Beachside Ssam

Sunday, September 8, 2013

This weekend marked the first and last beach trip of the summer, or mine, rather. We walked out barefoot and gingerly on the mud flats of Jebu-do when the tide was at its lowest. We sunk past our ankles, the mud gurgled, we screamed. When the tide rolled back up the beach, we swam until sunset. Then we grilled dinner on the patio and wrapped it in lettuce with ssamjang and garlic. We chased tequila with bites of kimchi. When we were lightly stewed, we followed the boardwalk and bought tickets for the beachside carnival’s two most riveting rides, the Spinster and the Viking (only one of those names is made up). On our way back to the pension, we bought fireworks and sparklers and lit them on the beach.

This morning we woke up and cooked ramyeon outside in a pot over a portable burner, then walked to the main road and waited for an hour for a bus that never came. A group of teenagers with nothing better to do on a Sunday at seven a.m. tore up the road straight for us, swerving out of the way in the knick of time. They circled around and did it again, the punks. A sweet ajumma tended to her garden across the road, unaffected. Still without a bus, we caught rides from a pair of nice drivers and made it off the island before the tide would come up and close the main road for hours.


Beachside Ssam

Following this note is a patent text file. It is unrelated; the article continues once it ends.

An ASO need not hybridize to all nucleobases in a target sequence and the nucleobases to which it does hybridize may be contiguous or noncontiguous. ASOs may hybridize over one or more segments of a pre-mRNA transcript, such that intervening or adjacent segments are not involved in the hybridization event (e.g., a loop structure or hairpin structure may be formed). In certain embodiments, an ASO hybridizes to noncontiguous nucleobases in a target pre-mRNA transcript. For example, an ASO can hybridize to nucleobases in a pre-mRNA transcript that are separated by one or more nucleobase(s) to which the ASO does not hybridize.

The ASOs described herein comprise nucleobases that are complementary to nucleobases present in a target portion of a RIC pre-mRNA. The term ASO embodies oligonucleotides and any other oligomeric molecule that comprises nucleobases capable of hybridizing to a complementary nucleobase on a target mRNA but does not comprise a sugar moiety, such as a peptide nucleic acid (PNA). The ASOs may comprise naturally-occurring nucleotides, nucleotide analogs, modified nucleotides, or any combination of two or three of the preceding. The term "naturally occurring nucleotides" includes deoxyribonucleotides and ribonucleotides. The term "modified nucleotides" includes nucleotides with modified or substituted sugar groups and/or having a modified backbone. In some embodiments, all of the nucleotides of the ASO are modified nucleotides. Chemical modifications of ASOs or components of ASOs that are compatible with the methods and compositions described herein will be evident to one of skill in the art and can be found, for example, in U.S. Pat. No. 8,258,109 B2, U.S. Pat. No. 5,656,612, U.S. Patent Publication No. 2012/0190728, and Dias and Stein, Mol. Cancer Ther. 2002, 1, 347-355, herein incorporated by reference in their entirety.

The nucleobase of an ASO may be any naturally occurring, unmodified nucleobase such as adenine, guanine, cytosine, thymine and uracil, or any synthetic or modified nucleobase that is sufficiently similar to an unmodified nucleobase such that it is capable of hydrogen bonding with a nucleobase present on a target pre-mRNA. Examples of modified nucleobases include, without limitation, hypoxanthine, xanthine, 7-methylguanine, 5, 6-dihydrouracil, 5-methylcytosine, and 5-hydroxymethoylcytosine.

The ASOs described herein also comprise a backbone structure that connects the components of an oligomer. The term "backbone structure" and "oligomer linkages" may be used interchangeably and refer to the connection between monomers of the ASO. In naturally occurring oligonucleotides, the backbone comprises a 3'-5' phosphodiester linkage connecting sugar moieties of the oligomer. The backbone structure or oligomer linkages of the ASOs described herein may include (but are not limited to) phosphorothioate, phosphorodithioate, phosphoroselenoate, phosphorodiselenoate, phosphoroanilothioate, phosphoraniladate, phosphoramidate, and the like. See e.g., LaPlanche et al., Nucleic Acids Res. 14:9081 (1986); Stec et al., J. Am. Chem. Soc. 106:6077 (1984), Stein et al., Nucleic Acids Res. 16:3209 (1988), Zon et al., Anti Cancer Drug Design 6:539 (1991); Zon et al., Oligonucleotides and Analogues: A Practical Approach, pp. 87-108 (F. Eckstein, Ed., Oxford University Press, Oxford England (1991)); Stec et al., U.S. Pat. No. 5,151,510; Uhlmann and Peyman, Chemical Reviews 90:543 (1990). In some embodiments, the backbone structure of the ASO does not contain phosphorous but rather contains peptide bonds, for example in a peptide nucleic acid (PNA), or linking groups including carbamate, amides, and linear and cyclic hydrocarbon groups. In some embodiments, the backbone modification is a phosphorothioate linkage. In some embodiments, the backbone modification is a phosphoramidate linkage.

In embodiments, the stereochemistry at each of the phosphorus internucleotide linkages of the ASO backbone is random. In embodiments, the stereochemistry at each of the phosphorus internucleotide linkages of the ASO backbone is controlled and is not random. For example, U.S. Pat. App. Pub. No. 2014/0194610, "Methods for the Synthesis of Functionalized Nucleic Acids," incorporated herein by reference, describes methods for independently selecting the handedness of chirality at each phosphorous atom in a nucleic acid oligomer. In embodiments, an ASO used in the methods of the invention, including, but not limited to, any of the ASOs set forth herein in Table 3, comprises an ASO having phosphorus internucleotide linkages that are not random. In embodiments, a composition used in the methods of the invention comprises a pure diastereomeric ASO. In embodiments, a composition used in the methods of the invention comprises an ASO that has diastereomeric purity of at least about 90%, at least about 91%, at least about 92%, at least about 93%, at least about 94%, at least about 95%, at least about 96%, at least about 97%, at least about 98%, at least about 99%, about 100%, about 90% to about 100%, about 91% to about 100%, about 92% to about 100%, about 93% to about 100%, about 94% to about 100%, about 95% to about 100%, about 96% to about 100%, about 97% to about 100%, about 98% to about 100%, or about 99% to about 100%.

1) Slice garlic and add to a foil dish with a glug of sesame oil. 2) Wash a heap of lettuce and perilla leaves, shake dry. 3) Heat a charcoal grill, then place pieces of sirloin (or other cuts of beef for grilling) on a big square grill rack above the flames. 4) Using tongs to hold the meat with one hand, cut each big piece into bite-sized pieces using a scissors with your other hand. Wear fire-proof gloves for maximum protection. 5) Grill cherry tomatoes, sliced rounds of eggplant, mushrooms and sliced pineapple. Grill pieces of cabbage kimchi. Grill anything conceivable to grill. 6) When ready, assemble the ssam. Take a piece of lettuce and a perilla leaf, and stack them. Add a piece of meat or two, some garlic, and a piece of eggplant or mushroom. Slather in ssamjang, which is to the Korean barbecue as ketchup is to the American. 7) Wrap tightly like a package and shove the whole thing in your mouth (feed your friend or lover the same way – it’s the ultimate sign of affection). Repeat steps 6 & 7.